Money Alone Can’t Protect Your Bank From Cyber Risk

Across all industries, the financial sector has one of the more mature and well-developed approaches to cybersecurity. Yet, despite the banks’ increased investments into cybersecurity, a disconnect remains between spending and risk.

Increasingly digitized environments and the Internet of Things (IoT) are creating an interconnected infrastructure that spans across multiple organizations, data sources, access points and vendors. This creates a complex business and IT environment that’s constantly being exposed to new risks.

Closing the gap between investment and risk requires an intelligence-based approach that can respond and adapt to threats in real time. This approach must take into account how future innovations in digitization will impact cybersecurity over time.

Cyber Threats an Ongoing Concern for Banks

According to a recent report by Bitglass, the number of attacks on banks doubled last year compared to the year before. And so far in 2016, at least five of the 20 top U.S. banks have disclosed data breaches.

Financial services was the third most-attacked sector in 2015, according to IBM. Although this represents an improvement over 2014 when it was in the No. 1 spot, it’s clear that banks are still not able to stay ahead of the threats.

An added challenge is the ongoing U.S. transition to the “chip” (EMV) credit and debit cards. While these more secure cards are expected to significantly decrease counterfeit card fraud in the long run, the transition is forcing bad actors to step up their game and target other areas, such as card-not-present and online fraud.

Security Efforts Must Be Refocused

Although financial institutions are throwing money at the cybersecurity problem, they don’t alway direct resources to the right areas. An intelligence-based approach needs to take into consideration new factors such as insider threats (both malicious and unintentional errors), third-party risk and geopolitical climate, among others. Three recommended areas of focus include:

Elevating cybersecurity to C-suite function: Cybersecurity is no longer simply an IT problem. The board of directors and executive leadership need to invest time into understanding how cybersecurity impacts business risk and take an active role in allocating the proper resources and establishing it as a priority across the organization.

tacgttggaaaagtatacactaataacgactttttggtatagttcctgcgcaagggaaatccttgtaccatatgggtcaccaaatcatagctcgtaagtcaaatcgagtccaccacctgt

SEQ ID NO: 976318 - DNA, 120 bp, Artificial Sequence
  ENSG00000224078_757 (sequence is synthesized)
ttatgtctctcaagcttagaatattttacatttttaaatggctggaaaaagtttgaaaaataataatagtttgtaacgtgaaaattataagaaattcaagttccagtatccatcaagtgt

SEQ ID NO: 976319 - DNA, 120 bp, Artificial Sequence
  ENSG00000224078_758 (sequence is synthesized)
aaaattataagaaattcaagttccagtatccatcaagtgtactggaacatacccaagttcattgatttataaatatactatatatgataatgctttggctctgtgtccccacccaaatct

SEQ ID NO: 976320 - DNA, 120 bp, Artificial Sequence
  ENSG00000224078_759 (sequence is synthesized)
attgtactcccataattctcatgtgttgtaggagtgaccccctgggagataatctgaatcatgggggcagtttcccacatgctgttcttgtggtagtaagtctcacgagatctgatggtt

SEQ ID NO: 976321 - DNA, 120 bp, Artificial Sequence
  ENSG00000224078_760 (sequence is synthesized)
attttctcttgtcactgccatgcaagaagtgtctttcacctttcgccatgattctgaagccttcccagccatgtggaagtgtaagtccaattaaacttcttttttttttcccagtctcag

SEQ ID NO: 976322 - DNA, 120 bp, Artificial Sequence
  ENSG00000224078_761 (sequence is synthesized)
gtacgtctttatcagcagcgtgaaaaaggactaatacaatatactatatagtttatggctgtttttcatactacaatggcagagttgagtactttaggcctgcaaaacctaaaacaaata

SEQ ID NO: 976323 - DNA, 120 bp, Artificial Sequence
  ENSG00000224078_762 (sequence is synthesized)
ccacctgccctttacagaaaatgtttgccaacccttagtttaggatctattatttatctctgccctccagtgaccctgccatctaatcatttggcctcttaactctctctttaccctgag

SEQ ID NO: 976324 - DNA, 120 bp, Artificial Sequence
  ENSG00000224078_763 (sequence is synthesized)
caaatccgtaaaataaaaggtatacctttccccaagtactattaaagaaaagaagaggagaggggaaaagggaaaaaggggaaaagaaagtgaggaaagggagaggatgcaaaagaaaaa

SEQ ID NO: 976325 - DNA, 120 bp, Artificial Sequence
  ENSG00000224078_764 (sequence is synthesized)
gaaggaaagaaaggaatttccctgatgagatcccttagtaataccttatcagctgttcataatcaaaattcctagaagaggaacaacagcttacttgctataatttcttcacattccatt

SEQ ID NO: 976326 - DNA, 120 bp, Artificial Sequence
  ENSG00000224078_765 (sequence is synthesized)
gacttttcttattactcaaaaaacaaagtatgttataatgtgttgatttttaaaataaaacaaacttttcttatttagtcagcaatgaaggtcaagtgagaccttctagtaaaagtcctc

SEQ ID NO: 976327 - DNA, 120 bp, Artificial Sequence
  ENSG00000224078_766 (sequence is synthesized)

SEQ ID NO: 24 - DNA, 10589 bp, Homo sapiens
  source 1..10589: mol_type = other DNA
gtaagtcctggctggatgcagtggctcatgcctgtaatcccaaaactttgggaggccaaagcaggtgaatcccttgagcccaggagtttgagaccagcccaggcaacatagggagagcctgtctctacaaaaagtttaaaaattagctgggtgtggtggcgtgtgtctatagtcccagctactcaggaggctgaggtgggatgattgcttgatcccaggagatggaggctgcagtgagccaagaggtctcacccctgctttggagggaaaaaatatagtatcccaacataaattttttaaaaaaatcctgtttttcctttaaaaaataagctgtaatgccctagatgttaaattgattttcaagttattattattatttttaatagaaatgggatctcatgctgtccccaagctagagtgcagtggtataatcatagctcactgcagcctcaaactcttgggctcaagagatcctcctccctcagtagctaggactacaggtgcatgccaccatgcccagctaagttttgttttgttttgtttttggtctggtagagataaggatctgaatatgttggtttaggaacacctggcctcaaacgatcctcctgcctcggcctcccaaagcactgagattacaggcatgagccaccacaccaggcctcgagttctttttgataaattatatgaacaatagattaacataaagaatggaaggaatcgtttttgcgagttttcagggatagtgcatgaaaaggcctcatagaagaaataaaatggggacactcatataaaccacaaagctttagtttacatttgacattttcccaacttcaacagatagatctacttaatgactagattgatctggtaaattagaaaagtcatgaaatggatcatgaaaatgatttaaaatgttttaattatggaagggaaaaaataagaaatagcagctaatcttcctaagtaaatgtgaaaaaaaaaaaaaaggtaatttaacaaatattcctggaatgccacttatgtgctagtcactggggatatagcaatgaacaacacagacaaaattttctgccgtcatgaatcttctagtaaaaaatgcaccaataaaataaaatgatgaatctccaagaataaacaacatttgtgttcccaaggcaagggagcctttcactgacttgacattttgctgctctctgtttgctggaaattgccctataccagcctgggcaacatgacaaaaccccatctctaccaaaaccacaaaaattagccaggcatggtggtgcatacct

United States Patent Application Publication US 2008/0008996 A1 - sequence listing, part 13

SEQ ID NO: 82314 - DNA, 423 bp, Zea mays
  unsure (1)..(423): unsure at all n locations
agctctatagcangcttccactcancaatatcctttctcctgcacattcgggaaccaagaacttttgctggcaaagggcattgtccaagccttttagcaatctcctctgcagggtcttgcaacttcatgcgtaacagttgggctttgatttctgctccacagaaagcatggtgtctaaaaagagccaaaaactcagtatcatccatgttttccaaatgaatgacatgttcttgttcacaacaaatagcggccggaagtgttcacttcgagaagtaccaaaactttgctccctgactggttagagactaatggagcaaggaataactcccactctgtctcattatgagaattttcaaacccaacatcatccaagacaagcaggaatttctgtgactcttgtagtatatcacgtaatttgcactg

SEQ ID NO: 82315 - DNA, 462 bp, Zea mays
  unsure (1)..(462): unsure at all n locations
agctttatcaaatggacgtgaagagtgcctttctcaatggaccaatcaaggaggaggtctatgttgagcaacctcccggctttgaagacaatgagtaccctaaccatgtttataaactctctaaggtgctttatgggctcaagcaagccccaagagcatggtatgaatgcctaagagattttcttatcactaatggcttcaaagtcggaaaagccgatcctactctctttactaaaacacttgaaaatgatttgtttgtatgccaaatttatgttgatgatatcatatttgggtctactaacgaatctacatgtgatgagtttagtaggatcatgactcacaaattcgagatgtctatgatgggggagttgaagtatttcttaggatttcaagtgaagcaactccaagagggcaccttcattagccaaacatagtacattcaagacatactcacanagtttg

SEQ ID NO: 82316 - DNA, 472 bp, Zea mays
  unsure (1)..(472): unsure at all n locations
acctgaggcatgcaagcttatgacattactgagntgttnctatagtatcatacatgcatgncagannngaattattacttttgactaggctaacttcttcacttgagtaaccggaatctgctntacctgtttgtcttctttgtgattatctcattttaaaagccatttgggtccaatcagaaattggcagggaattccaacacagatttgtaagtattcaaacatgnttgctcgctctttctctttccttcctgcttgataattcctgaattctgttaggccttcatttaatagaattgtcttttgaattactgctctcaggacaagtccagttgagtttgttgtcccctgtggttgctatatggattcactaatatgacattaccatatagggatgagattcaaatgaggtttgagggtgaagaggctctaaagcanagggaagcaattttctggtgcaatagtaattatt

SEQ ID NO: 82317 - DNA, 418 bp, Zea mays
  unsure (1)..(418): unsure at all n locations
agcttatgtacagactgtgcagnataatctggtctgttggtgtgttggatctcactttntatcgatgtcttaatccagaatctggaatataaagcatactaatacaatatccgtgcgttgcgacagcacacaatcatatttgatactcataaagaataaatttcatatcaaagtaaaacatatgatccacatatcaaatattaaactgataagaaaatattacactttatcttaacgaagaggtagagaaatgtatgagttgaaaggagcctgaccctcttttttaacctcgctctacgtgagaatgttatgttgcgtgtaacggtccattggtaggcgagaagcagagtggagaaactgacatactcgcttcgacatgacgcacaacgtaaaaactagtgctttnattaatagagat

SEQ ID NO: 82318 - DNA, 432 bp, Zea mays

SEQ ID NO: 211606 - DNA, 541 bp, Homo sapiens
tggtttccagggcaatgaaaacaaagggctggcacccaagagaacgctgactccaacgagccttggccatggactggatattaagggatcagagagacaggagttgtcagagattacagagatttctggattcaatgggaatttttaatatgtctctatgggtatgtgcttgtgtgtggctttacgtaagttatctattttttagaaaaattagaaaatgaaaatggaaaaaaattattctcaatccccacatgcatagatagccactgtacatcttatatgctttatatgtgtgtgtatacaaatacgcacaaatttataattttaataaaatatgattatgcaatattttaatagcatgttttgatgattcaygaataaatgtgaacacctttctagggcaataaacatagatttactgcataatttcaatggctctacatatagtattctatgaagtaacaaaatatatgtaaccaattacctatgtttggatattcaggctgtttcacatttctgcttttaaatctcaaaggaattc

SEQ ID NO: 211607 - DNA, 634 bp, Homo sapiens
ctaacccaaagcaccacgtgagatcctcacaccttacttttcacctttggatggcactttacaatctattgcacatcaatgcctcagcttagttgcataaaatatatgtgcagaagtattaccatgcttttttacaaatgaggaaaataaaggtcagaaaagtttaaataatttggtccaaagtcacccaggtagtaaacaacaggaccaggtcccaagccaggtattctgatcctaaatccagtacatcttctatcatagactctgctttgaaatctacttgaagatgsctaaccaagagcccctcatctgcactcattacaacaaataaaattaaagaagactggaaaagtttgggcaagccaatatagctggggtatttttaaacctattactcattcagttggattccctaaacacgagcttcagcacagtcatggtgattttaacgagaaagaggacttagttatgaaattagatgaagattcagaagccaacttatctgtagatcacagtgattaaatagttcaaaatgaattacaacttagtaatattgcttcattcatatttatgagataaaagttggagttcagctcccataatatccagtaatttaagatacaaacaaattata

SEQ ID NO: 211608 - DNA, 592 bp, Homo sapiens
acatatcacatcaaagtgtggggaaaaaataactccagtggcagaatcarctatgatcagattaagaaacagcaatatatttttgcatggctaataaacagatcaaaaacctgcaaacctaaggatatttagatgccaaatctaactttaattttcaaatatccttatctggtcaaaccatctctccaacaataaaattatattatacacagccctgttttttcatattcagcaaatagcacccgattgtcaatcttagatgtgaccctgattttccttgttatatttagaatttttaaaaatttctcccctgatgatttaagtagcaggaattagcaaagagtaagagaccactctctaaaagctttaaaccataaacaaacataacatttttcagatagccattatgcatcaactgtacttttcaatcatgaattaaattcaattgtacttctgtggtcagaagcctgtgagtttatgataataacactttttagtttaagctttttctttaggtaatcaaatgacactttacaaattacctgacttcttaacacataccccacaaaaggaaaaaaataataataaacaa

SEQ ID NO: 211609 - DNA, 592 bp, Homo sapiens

Treating cybersecurity and business strategy as two sides of same coin: Cybersecurity needs to be integrated into every core function of the business. Cybersecurity assessment and planning must become a critical part of product development and strategic planning. Every project, from design and architecture to usability, should have clear expectations related to information security.

Using an intelligence-based approach to cybersecurity: As the transition to digital business models continues to drive the evolution of enterprise networks, banks must adopt innovative network security solutions that are scalable and flexible. These solutions must provide the type of actionable intelligence that’s critical in today’s threat environment, along with a comprehensive, unified approach to physical, virtual and cloud infrastructure.

Knowing this, it’s important to utilize a technology partner who can deploy a cohesive “fabric” of best-of-breed security solutions that easily share big-data-driven, real-time threat information to support intelligence-based cybersecurity.

Source:http://www.citon.com/money-alone-cant-protect-your-bank-from-cyber-risk/

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